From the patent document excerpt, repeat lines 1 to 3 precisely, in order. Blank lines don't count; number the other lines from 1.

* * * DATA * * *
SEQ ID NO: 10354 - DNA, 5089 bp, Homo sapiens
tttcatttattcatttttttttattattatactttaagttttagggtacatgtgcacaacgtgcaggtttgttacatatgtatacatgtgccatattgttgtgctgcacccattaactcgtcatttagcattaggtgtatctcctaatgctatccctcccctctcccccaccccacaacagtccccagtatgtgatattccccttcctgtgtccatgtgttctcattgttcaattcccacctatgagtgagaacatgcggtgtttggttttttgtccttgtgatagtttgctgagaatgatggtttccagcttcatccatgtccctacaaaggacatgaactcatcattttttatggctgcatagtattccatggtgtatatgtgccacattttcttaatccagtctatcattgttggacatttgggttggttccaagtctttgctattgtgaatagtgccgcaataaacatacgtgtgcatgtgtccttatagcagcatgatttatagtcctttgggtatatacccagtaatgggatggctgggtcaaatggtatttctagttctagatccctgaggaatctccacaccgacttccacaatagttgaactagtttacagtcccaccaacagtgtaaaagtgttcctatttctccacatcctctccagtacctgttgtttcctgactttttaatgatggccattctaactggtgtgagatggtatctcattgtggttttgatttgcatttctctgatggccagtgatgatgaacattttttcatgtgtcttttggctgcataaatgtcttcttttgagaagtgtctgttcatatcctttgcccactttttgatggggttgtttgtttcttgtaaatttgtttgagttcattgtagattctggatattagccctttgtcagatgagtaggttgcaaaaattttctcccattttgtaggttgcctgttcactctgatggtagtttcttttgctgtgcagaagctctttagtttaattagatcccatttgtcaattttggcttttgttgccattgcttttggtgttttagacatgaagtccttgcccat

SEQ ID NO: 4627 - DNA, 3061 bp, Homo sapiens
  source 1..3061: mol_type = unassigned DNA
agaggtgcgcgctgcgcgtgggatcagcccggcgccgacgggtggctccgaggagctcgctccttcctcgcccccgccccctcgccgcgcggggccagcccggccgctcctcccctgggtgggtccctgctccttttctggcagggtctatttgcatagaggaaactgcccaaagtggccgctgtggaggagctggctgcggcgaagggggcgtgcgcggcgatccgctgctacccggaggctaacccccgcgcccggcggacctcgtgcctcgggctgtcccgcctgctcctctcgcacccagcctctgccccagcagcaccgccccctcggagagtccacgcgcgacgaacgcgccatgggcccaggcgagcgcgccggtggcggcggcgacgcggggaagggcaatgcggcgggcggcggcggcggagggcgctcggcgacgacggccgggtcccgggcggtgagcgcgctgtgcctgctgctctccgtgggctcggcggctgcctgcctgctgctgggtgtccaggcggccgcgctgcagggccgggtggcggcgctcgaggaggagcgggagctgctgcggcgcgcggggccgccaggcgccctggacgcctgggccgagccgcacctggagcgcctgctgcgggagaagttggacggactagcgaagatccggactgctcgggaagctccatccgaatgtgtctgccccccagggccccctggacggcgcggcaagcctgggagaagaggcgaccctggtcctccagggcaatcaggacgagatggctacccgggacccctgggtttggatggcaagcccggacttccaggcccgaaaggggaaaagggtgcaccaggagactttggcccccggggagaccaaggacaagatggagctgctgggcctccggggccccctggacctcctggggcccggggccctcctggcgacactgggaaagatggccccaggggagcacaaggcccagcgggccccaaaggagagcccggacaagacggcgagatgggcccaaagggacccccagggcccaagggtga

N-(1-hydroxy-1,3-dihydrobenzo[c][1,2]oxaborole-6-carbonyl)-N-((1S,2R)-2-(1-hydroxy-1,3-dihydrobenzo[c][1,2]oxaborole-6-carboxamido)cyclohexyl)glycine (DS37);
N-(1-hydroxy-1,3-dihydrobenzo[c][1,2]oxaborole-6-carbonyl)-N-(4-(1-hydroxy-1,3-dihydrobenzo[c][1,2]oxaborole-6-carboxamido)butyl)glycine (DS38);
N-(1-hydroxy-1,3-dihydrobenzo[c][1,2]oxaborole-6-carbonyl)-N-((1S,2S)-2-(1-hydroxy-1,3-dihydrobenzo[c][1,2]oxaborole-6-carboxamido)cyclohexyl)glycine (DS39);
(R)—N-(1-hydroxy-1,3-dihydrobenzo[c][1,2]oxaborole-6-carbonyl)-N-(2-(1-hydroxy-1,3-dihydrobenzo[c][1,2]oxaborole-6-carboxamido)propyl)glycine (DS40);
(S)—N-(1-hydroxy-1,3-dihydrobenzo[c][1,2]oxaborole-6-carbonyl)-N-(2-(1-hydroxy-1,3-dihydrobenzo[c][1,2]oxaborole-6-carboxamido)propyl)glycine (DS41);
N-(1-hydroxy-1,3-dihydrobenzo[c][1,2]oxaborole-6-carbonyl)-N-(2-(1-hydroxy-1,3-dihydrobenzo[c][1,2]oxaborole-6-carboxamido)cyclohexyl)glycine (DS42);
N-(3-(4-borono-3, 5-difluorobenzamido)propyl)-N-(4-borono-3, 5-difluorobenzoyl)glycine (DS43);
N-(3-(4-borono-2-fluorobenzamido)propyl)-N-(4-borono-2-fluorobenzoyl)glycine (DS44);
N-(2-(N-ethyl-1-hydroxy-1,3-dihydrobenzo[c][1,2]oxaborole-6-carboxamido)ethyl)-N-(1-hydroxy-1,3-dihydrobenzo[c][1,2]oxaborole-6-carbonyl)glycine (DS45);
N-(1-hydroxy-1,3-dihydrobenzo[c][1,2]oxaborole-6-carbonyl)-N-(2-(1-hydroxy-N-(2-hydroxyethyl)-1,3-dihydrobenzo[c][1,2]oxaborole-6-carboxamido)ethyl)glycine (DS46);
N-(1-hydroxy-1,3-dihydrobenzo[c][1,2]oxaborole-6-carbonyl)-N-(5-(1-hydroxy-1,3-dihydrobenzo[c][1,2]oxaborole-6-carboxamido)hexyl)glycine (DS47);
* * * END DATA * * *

SEQ ID NO: 10354 - DNA, 5089 bp, Homo sapiens
tttcatttattcatttttttttattattatactttaagttttagggtacatgtgcacaacgtgcaggtttgttacatatgtatacatgtgccatattgttgtgctgcacccattaactcgtcatttagcattaggtgtatctcctaatgctatccctcccctctcccccaccccacaacagtccccagtatgtgatattccccttcctgtgtccatgtgttctcattgttcaattcccacctatgagtgagaacatgcggtgtttggttttttgtccttgtgatagtttgctgagaatgatggtttccagcttcatccatgtccctacaaaggacatgaactcatcattttttatggctgcatagtattccatggtgtatatgtgccacattttcttaatccagtctatcattgttggacatttgggttggttccaagtctttgctattgtgaatagtgccgcaataaacatacgtgtgcatgtgtccttatagcagcatgatttatagtcctttgggtatatacccagtaatgggatggctgggtcaaatggtatttctagttctagatccctgaggaatctccacaccgacttccacaatagttgaactagtttacagtcccaccaacagtgtaaaagtgttcctatttctccacatcctctccagtacctgttgtttcctgactttttaatgatggccattctaactggtgtgagatggtatctcattgtggttttgatttgcatttctctgatggccagtgatgatgaacattttttcatgtgtcttttggctgcataaatgtcttcttttgagaagtgtctgttcatatcctttgcccactttttgatggggttgtttgtttcttgtaaatttgtttgagttcattgtagattctggatattagccctttgtcagatgagtaggttgcaaaaattttctcccattttgtaggttgcctgttcactctgatggtagtttcttttgctgtgcagaagctctttagtttaattagatcccatttgtcaattttggcttttgttgccattgcttttggtgttttagacatgaagtccttgcccat

SEQ ID NO: 4627 - DNA, 3061 bp, Homo sapiens